The first thing that a business or a freelancer must invest in when starting up is branding. That’s always what I’d recommend.
You can have the best service and offer, but if you don’t make it appealing, it isn’t going to sell well. At least, as well as it could.
However, every branding process requires some creativity to come up with your corporate colours, typographies, graphics, etc. And one of the most important parts of your branding is the name of your business.
I’m sure that most of you could relate. It is difficult to find a unique, short business name that is easy to remember and pronounce for your clients, isn’t it? An the name of your business is crucial to determine its success.
But, what happens once you have come up with the perfect name and now want to target a different country or culture? Should you target this new market with the same name, or should you translate it or come up with a different name in a different language? What about the name of your services or products?
Tricky question, isn’t it? Well, let’s see what factors may influence to take a decision.
When should you translate a business name?
Before answering this question straightaway, we need to think of the purpose of your business name.
Why did you choose your business name?
- Maybe it is because it’s creative and innovative, something that appeals to your clients and gets stuck in their minds.
- Maybe you went for a more practical name and chose something that may rank higher in Google searches.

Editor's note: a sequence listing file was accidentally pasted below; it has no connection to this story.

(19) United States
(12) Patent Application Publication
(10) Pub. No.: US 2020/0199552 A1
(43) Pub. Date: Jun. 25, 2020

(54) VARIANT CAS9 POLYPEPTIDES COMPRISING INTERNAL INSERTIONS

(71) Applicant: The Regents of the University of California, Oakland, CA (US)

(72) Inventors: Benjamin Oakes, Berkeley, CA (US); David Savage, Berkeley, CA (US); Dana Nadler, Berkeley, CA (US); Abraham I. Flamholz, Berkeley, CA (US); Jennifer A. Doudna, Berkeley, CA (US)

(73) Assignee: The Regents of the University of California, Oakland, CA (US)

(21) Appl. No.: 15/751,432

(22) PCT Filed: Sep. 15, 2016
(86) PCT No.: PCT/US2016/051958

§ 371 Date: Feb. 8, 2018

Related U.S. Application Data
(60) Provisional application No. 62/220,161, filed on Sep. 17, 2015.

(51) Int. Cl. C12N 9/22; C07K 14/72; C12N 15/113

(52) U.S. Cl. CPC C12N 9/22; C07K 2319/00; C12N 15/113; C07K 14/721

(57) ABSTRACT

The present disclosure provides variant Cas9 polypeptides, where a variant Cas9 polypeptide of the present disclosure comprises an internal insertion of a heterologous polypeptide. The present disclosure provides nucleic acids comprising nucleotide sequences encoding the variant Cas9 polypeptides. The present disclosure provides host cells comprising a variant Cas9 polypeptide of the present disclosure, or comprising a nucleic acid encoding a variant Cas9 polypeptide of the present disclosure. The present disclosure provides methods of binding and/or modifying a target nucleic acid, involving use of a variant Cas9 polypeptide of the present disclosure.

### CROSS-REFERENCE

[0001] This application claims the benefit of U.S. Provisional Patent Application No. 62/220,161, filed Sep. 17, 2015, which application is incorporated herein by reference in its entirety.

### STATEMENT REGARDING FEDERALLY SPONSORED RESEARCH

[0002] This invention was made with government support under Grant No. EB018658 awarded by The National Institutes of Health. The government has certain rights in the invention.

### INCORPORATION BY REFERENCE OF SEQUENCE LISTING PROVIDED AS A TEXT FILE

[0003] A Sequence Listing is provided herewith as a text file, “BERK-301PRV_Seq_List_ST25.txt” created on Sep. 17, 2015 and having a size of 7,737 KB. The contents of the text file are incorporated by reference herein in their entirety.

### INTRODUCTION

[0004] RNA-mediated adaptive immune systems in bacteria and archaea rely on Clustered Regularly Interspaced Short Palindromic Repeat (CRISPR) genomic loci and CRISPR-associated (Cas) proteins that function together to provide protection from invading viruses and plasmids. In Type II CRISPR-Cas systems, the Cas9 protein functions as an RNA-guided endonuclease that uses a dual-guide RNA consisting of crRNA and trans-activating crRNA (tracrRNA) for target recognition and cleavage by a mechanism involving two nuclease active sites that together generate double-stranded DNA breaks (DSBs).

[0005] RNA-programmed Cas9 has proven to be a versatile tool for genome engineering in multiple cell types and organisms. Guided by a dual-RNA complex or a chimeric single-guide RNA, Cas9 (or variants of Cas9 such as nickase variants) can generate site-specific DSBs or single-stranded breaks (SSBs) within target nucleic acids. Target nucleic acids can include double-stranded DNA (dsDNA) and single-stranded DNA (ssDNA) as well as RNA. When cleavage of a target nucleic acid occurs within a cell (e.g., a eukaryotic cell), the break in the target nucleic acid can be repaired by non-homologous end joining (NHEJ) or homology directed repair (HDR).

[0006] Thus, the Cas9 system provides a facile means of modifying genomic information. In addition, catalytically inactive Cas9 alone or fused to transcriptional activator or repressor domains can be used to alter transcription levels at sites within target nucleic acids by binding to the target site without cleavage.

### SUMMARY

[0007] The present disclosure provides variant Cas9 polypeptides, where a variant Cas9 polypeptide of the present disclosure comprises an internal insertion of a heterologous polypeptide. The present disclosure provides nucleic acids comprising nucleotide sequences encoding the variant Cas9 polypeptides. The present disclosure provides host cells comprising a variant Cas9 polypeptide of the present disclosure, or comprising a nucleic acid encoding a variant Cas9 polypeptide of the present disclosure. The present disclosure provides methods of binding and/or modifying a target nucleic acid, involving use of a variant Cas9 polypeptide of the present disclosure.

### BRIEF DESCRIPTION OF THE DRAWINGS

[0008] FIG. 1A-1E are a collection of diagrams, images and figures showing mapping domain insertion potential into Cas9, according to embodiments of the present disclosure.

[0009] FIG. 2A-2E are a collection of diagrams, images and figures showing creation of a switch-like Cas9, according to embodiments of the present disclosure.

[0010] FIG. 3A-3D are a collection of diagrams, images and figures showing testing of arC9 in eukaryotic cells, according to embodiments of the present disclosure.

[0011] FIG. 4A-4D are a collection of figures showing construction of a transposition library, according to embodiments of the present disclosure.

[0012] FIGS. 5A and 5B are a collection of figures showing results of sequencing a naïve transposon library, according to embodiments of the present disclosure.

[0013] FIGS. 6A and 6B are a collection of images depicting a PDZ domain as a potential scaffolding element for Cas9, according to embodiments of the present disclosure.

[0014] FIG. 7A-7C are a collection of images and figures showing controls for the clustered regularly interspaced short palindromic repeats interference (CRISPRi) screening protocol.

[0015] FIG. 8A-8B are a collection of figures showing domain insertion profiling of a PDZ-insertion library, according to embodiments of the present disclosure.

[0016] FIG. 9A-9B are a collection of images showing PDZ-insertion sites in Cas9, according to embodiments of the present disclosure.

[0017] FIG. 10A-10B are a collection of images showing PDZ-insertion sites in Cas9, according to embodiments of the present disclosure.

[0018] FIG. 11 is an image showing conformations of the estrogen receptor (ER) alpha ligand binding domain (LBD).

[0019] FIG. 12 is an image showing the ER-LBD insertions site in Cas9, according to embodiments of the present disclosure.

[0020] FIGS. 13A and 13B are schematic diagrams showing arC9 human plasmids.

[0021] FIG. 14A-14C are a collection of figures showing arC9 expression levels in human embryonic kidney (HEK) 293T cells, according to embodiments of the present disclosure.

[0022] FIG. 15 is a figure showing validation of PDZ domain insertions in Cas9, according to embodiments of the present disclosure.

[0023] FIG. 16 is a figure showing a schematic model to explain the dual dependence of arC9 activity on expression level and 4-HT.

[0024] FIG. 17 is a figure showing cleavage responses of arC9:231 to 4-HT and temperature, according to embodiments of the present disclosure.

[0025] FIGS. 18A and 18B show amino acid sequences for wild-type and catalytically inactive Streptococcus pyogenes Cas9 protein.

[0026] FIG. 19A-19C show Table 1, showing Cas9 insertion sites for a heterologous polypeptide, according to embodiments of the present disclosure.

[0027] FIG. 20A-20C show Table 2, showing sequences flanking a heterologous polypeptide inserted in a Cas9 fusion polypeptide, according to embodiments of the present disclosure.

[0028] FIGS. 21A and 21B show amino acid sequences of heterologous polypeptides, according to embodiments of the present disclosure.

If you went for option 1, you should figure out if that name still works for an audience in the country that you are targeting. But how can you do it if you don’t know the language or the culture? Ask a native person. As simple as that.
- What does your business name mean for a native?
- Is it easy to pronounce/spell for him/her?
- Is it still catchy?
- Can s/he understand it?
In some cases, business names can remain the same if the name works in the different countries:
However, other brans decide to change their name, even if they approach countries with the same language:
If you went for option 1, you may or may not want to translate your business name. Every case is different and the impact of your name must be measured always taking into account the perspective of a native person living in the country and market that you want to target.
On the other hand, if you went for option 2, you’ll probably have to translate your name. Why?
- If you’re targeting a country in which a different language is spoken, words in that language will be more popular in Google rankings (obviously!)
- If you’re targeting a different country with the same language, you’ll need to find out if your keyword has the same demand in the new country that you want to target.
You should be sure that the volume of searches for your keyword is the same in both countries before taking a decision:
The name of your business is essential when you’re internationalising your business and want to start targeting new countries and cultures, so take your time to analyse your results. And the same applies to the names of your products or offers.
How should you translate a business name?